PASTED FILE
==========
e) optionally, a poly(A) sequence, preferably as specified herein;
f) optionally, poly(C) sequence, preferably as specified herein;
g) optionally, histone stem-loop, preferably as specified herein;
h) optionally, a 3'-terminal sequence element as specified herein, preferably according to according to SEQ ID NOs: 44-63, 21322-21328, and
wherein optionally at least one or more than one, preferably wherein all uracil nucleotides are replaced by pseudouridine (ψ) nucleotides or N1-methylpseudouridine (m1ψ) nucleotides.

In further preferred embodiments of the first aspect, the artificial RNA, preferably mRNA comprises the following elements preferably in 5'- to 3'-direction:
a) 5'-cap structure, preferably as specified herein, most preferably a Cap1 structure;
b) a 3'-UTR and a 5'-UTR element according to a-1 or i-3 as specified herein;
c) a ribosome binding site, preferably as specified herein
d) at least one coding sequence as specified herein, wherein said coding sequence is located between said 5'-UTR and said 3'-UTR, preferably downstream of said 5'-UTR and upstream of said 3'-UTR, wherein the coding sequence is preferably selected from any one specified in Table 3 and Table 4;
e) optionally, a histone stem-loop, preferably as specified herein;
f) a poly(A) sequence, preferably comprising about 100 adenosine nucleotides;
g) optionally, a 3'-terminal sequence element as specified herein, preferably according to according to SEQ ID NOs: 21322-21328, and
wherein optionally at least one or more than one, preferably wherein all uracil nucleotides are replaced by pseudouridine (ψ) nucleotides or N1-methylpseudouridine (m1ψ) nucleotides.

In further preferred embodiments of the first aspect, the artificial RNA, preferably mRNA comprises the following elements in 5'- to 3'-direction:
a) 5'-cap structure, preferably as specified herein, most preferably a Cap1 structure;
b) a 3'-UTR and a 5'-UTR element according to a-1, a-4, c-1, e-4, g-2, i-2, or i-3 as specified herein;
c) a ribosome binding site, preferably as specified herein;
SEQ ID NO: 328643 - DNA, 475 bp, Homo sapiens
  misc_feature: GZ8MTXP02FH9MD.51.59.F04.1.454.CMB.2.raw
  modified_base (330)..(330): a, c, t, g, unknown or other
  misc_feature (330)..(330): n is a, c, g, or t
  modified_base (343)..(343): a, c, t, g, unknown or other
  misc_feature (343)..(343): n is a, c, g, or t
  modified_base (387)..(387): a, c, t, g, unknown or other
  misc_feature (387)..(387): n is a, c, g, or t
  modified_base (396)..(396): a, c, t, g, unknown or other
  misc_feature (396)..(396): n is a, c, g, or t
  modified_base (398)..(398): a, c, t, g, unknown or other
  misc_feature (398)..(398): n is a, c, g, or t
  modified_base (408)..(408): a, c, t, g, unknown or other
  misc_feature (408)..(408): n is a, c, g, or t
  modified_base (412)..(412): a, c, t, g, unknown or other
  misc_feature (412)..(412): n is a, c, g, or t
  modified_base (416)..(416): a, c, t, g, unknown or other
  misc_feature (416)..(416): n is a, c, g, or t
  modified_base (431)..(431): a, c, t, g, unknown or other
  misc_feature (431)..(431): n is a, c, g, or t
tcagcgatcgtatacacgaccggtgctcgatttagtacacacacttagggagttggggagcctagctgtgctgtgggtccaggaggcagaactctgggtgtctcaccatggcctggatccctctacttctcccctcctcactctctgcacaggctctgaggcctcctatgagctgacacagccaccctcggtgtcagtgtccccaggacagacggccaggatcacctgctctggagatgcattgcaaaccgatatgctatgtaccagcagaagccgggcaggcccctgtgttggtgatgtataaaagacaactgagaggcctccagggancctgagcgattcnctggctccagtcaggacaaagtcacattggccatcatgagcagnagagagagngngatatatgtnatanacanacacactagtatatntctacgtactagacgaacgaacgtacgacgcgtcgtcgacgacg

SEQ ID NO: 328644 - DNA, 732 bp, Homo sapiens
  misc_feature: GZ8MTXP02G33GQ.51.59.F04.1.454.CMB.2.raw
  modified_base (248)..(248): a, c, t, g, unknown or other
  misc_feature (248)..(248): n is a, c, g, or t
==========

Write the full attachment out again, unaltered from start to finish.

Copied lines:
e) optionally, a poly(A) sequence, preferably as specified herein;
f) optionally, poly(C) sequence, preferably as specified herein;
g) optionally, histone stem-loop, preferably as specified herein;
h) optionally, a 3'-terminal sequence element as specified herein, preferably according to according to SEQ ID NOs: 44-63, 21322-21328, and
wherein optionally at least one or more than one, preferably wherein all uracil nucleotides are replaced by pseudouridine (ψ) nucleotides or N1-methylpseudouridine (m1ψ) nucleotides.

In further preferred embodiments of the first aspect, the artificial RNA, preferably mRNA comprises the following elements preferably in 5'- to 3'-direction:
a) 5'-cap structure, preferably as specified herein, most preferably a Cap1 structure;
b) a 3'-UTR and a 5'-UTR element according to a-1 or i-3 as specified herein;
c) a ribosome binding site, preferably as specified herein
d) at least one coding sequence as specified herein, wherein said coding sequence is located between said 5'-UTR and said 3'-UTR, preferably downstream of said 5'-UTR and upstream of said 3'-UTR, wherein the coding sequence is preferably selected from any one specified in Table 3 and Table 4;
e) optionally, a histone stem-loop, preferably as specified herein;
f) a poly(A) sequence, preferably comprising about 100 adenosine nucleotides;
g) optionally, a 3'-terminal sequence element as specified herein, preferably according to according to SEQ ID NOs: 21322-21328, and
wherein optionally at least one or more than one, preferably wherein all uracil nucleotides are replaced by pseudouridine (ψ) nucleotides or N1-methylpseudouridine (m1ψ) nucleotides.

In further preferred embodiments of the first aspect, the artificial RNA, preferably mRNA comprises the following elements in 5'- to 3'-direction:
a) 5'-cap structure, preferably as specified herein, most preferably a Cap1 structure;
b) a 3'-UTR and a 5'-UTR element according to a-1, a-4, c-1, e-4, g-2, i-2, or i-3 as specified herein;
c) a ribosome binding site, preferably as specified herein;
SEQ ID NO: 328643 - DNA, 475 bp, Homo sapiens
  misc_feature: GZ8MTXP02FH9MD.51.59.F04.1.454.CMB.2.raw
  modified_base (330)..(330): a, c, t, g, unknown or other
  misc_feature (330)..(330): n is a, c, g, or t
  modified_base (343)..(343): a, c, t, g, unknown or other
  misc_feature (343)..(343): n is a, c, g, or t
  modified_base (387)..(387): a, c, t, g, unknown or other
  misc_feature (387)..(387): n is a, c, g, or t
  modified_base (396)..(396): a, c, t, g, unknown or other
  misc_feature (396)..(396): n is a, c, g, or t
  modified_base (398)..(398): a, c, t, g, unknown or other
  misc_feature (398)..(398): n is a, c, g, or t
  modified_base (408)..(408): a, c, t, g, unknown or other
  misc_feature (408)..(408): n is a, c, g, or t
  modified_base (412)..(412): a, c, t, g, unknown or other
  misc_feature (412)..(412): n is a, c, g, or t
  modified_base (416)..(416): a, c, t, g, unknown or other
  misc_feature (416)..(416): n is a, c, g, or t
  modified_base (431)..(431): a, c, t, g, unknown or other
  misc_feature (431)..(431): n is a, c, g, or t
tcagcgatcgtatacacgaccggtgctcgatttagtacacacacttagggagttggggagcctagctgtgctgtgggtccaggaggcagaactctgggtgtctcaccatggcctggatccctctacttctcccctcctcactctctgcacaggctctgaggcctcctatgagctgacacagccaccctcggtgtcagtgtccccaggacagacggccaggatcacctgctctggagatgcattgcaaaccgatatgctatgtaccagcagaagccgggcaggcccctgtgttggtgatgtataaaagacaactgagaggcctccagggancctgagcgattcnctggctccagtcaggacaaagtcacattggccatcatgagcagnagagagagngngatatatgtnatanacanacacactagtatatntctacgtactagacgaacgaacgtacgacgcgtcgtcgacgacg

SEQ ID NO: 328644 - DNA, 732 bp, Homo sapiens
  misc_feature: GZ8MTXP02G33GQ.51.59.F04.1.454.CMB.2.raw
  modified_base (248)..(248): a, c, t, g, unknown or other
  misc_feature (248)..(248): n is a, c, g, or t